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    Mental Health Center

    News and Features Related to Mental Health

    1. Doctor-Shopping for Painkillers Common After This

      By Randy Dotinga HealthDay Reporter FRIDAY, Aug. 29, 2014 (HealthDay News) -- About one in five patients operated on for broken bones or other orthopedic trauma shops around for additional painkillers after surgery, a new study finds. Less-educated patients and patients who had used narcotic painkil

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    2. Why Am I So Angry?

      At one time or another, everyone feels anger bubbling up. There's nothing wrong with that. Anger is common. It's a normal response when you sense a threat or a social or professional slight. So, when the new guy at work gets promoted and you don't, or when your spouse “pushes your buttons," it’s OK

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    3. Normal-Weight Teens Can Have Eating Disorders

      By Tara Haelle HealthDay Reporter TUESDAY, Aug. 26, 2014 (HealthDay News) -- Teenagers do not need to be rail thin to be practicing the dangerous eating behaviors associated with anorexia, a new study suggests. Rather, the true measure of trouble may be significant weight loss, and the Australian re

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    4. Fewer Painkiller Deaths in States With Medical Pot

      By Dennis Thompson HealthDay Reporter MONDAY, Aug. 25, 2014 (HealthDay News) -- States that have legalized medical marijuana tend to experience an unexpected benefit -- fewer overdose deaths from narcotic painkillers, a new study suggests. Access to medical marijuana is associated with 25 percent fe

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    5. Sociopath vs. Psychopath: What’s the Difference?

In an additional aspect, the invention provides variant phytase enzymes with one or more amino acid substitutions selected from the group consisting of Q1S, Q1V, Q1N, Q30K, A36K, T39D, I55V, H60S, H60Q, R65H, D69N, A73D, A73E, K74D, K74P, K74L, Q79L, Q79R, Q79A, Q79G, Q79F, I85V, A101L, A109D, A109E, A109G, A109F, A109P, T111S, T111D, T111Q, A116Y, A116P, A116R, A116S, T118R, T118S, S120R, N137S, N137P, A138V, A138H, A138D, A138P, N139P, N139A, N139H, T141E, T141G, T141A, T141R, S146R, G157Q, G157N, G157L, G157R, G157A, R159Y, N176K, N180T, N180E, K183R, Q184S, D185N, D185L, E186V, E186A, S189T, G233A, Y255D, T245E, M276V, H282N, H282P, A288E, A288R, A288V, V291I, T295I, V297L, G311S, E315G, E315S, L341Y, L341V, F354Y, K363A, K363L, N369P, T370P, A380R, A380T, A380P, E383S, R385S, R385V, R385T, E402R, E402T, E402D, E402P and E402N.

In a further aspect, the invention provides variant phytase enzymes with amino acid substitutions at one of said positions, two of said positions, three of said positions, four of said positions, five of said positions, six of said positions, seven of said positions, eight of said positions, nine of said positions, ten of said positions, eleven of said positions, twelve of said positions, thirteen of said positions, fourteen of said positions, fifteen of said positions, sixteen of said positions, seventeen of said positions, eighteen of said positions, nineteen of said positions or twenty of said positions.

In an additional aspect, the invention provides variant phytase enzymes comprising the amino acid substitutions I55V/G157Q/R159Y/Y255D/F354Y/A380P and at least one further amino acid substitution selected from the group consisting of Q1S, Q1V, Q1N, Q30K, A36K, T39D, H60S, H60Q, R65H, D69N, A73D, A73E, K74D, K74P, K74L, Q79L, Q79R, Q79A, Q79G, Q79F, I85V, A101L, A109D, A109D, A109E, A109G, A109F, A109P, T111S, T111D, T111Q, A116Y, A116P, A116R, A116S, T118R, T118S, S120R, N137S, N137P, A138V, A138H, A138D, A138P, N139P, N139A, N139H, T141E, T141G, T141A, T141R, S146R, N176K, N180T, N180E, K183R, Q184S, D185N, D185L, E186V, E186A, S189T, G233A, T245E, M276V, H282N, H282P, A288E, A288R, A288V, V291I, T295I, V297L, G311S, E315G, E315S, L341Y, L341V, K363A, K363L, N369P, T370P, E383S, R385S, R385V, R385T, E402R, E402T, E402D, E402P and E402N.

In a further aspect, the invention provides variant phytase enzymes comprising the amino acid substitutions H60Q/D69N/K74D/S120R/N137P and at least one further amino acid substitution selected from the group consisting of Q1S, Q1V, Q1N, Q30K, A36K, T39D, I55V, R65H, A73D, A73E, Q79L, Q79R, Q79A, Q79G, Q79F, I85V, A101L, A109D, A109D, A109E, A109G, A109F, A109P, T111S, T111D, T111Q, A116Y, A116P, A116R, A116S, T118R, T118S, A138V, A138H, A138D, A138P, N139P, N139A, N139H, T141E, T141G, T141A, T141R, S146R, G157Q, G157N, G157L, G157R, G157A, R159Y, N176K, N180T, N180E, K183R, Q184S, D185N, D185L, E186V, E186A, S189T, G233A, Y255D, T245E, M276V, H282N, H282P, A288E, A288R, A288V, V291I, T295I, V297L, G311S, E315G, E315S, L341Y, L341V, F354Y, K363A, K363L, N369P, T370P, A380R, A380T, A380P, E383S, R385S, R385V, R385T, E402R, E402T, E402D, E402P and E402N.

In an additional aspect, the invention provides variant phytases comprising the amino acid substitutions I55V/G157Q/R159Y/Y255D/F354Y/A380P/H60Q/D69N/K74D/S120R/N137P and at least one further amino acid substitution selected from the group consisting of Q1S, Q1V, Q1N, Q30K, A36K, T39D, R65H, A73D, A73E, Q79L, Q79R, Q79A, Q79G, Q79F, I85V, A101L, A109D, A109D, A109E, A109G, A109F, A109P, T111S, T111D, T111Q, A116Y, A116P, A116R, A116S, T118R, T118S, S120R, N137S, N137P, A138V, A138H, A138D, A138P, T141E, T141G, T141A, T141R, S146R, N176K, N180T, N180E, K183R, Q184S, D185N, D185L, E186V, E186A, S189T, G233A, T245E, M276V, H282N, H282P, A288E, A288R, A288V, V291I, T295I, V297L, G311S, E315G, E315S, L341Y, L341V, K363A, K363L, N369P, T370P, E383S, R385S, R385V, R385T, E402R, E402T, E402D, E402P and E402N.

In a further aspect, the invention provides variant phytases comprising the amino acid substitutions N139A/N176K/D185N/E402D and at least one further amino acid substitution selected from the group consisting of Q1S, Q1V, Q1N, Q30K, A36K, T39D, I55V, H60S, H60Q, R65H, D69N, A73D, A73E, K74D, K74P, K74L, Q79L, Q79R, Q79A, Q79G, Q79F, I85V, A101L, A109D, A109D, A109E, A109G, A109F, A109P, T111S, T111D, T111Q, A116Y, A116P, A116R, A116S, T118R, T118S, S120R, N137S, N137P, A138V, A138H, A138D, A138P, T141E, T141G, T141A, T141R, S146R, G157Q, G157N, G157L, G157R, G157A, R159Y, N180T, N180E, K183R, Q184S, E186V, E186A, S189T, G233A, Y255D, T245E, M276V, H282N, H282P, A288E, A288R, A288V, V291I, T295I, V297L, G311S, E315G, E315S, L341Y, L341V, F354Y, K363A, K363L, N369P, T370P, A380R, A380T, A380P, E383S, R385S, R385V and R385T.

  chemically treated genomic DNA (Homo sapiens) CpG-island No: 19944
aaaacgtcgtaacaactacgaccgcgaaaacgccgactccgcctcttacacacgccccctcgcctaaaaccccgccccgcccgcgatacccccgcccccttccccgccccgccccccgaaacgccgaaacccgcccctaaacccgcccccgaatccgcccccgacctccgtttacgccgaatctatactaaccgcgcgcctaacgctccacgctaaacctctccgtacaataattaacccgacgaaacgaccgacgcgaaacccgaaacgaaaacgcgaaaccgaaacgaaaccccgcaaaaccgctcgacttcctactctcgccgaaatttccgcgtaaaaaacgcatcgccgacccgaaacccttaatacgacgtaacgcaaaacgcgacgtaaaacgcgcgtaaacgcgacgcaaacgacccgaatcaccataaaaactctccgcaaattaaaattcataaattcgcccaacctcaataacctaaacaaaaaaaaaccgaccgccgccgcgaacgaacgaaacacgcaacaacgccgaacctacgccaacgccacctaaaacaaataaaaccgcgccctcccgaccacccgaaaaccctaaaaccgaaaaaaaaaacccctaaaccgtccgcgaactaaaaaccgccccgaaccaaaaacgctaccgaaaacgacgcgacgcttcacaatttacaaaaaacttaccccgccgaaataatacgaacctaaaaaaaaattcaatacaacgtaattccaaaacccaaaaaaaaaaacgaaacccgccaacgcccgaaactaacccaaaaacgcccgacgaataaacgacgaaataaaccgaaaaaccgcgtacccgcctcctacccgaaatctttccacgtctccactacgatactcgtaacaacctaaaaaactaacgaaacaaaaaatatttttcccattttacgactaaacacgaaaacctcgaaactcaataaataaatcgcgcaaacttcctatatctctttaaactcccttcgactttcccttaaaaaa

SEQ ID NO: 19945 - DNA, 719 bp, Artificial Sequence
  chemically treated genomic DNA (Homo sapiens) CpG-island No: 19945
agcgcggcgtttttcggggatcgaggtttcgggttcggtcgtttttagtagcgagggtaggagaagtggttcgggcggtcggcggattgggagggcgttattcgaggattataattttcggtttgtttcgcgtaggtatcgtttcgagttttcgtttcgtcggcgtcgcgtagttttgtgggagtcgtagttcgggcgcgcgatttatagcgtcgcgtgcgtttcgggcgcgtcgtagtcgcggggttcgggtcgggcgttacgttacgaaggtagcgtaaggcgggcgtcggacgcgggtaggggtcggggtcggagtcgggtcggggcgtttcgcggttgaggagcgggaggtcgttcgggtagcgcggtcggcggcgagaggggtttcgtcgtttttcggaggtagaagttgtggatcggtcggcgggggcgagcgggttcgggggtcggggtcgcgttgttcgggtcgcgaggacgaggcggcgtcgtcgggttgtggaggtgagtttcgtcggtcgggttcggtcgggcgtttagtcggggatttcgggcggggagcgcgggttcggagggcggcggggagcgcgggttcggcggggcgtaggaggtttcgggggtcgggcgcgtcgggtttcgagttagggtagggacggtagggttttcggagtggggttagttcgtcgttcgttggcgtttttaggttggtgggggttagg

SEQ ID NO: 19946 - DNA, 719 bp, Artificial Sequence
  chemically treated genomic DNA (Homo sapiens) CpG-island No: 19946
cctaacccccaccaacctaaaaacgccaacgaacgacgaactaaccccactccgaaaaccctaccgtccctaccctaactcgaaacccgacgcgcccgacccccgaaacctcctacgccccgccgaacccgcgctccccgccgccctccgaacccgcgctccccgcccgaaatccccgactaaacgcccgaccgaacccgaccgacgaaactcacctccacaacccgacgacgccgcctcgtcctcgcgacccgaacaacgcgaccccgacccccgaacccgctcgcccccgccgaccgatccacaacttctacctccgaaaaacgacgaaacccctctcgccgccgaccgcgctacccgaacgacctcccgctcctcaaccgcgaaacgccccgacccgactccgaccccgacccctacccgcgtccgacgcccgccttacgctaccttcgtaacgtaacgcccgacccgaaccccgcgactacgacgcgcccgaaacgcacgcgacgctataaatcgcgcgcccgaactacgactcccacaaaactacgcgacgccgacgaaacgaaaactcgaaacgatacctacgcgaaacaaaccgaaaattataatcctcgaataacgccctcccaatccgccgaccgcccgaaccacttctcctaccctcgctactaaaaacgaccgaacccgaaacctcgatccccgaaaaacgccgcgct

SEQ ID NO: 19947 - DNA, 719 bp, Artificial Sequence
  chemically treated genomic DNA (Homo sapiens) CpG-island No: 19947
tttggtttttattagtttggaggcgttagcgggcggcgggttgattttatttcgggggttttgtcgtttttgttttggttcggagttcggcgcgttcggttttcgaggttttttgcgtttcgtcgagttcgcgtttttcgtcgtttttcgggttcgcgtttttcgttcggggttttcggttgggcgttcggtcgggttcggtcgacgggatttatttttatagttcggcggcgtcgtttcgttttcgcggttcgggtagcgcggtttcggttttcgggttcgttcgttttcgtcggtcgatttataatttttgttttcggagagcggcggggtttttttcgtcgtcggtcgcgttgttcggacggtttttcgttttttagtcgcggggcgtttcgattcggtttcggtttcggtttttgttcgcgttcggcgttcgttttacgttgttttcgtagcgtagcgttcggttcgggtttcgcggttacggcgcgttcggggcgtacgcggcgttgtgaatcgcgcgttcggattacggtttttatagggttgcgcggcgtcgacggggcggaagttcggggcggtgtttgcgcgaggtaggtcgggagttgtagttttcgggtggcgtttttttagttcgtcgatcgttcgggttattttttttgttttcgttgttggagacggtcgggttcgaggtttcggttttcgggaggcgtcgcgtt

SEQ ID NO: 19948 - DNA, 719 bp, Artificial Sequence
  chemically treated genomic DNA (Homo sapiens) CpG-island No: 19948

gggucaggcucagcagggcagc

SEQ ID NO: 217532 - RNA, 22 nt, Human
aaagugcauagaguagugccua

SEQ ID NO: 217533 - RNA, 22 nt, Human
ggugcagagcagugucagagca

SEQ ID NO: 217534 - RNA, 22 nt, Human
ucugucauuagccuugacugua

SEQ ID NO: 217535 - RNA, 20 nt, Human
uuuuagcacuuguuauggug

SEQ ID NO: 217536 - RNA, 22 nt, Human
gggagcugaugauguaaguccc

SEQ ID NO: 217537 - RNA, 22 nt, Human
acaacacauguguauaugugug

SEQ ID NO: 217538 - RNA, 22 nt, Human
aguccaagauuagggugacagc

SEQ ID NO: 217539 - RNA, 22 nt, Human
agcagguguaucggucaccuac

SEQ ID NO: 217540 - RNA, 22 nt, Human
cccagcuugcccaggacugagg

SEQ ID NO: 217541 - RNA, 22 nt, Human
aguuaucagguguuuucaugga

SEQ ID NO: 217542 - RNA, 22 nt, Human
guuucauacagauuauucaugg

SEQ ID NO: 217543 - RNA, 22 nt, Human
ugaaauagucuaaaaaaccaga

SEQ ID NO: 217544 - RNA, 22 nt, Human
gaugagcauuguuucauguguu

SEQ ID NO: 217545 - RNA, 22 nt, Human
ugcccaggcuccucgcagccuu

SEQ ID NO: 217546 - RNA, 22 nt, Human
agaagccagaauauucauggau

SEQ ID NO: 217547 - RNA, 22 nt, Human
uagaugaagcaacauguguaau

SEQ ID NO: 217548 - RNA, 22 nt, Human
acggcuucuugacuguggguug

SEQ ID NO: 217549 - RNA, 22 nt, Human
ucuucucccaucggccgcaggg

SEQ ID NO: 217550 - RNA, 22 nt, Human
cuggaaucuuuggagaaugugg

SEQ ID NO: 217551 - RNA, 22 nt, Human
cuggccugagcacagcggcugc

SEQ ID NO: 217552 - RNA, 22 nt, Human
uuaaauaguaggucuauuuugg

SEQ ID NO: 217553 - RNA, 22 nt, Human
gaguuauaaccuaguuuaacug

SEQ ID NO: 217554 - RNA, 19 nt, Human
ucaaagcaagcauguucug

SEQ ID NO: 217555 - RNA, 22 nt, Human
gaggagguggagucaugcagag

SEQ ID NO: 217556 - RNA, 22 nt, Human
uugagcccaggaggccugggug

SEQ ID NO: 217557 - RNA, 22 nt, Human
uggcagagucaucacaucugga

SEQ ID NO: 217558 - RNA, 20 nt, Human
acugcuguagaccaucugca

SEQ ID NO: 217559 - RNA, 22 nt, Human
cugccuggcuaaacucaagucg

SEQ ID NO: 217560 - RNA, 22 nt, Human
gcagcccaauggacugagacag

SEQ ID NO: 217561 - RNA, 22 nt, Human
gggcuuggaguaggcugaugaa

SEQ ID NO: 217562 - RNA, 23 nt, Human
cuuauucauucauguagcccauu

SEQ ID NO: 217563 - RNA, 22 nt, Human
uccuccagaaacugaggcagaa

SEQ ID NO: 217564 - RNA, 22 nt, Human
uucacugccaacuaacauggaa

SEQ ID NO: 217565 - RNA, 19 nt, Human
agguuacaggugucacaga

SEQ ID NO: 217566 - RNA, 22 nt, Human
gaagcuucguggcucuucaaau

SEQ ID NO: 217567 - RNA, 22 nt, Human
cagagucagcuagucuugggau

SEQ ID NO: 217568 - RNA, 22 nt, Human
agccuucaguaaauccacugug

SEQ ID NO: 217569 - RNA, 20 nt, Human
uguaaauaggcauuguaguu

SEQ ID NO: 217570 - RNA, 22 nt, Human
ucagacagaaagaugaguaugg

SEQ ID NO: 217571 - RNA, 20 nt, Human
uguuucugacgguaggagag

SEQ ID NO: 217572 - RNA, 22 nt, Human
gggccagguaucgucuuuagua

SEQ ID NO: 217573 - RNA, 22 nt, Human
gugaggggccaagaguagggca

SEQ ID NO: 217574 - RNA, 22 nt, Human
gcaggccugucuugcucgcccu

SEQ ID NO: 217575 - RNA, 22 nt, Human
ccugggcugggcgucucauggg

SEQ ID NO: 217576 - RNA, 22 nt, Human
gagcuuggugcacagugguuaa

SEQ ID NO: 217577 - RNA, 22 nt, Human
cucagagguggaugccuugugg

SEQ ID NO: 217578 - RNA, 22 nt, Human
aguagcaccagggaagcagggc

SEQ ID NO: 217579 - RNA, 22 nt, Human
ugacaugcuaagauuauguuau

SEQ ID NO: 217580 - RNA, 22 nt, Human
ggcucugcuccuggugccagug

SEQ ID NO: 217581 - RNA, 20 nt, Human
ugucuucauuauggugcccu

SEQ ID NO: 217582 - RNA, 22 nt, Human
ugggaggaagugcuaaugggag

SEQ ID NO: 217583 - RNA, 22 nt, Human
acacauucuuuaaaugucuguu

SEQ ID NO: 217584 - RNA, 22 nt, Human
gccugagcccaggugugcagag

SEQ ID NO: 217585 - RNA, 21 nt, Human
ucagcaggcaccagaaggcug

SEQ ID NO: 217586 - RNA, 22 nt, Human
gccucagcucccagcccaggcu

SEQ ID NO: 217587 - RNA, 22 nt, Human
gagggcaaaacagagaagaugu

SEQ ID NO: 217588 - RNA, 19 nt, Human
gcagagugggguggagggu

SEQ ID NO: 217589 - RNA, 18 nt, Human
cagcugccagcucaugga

You may have heard people call someone else a “psychopath” or a “sociopath.” But what do those words really mean? You won’t find the definitions in mental health’s official handbook, the Diagnostic and Statistical Manual of Mental Disorders. Doctors don’t officially diagnose people as psychopaths or

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    6. Am I Bipolar?

      No one's mood is stable 100% of the time. It's normal to feel down when you hit a rough patch and elated when life goes your way. But if you have bipolar disorder, the highs and lows are a lot more extreme, and they can sometimes seem random. The good news is that with treatment and some hard work,

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    7. Talk Therapy Plus Meds Best for Severe Depression?

      By Dennis Thompson HealthDay Reporter THURSDAY, Aug. 21, 2014 (HealthDay News) -- A combination of therapy and antidepressants appears to best help people with severe but short-term depression, a new study reports. Four out of five people suffering from severe depression for less than two years expe

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    8. Certain Antipsychotics & Kidney Problems in Elderly

      By Tara Haelle HealthDay Reporter TUESDAY, Aug. 19, 2014 (HealthDay News) -- Kidney injury can be added to the list of possible harms related to use of three antipsychotic medications often prescribed to treat behavioral symptoms of dementia in older adults, a new study finds. Quetiapine (Seroquel),

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    9. Guys Get Eating Disorders, Too

      Binging, purging, yo-yo dieting, anorexia. Think these are girl problems? Not so fast. "Recent data suggest that one in four people with an eating disorder is male," says Lazaro Zayas, MD. He's a psychiatrist at Massachusetts General Hospital. But because of a long-held belief that bulimia and anore

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    10. When Depression Becomes Deadly

      Editor's note: This story was updated on Aug. 14. Aug. 12, 2014 -- The apparent suicide of Oscar-winning actor and comedian Robin Williams on Monday rocked the entertainment world. Williams’ publicist said in a statement he'd been “battling severe depression,” according to media reports. Millions of

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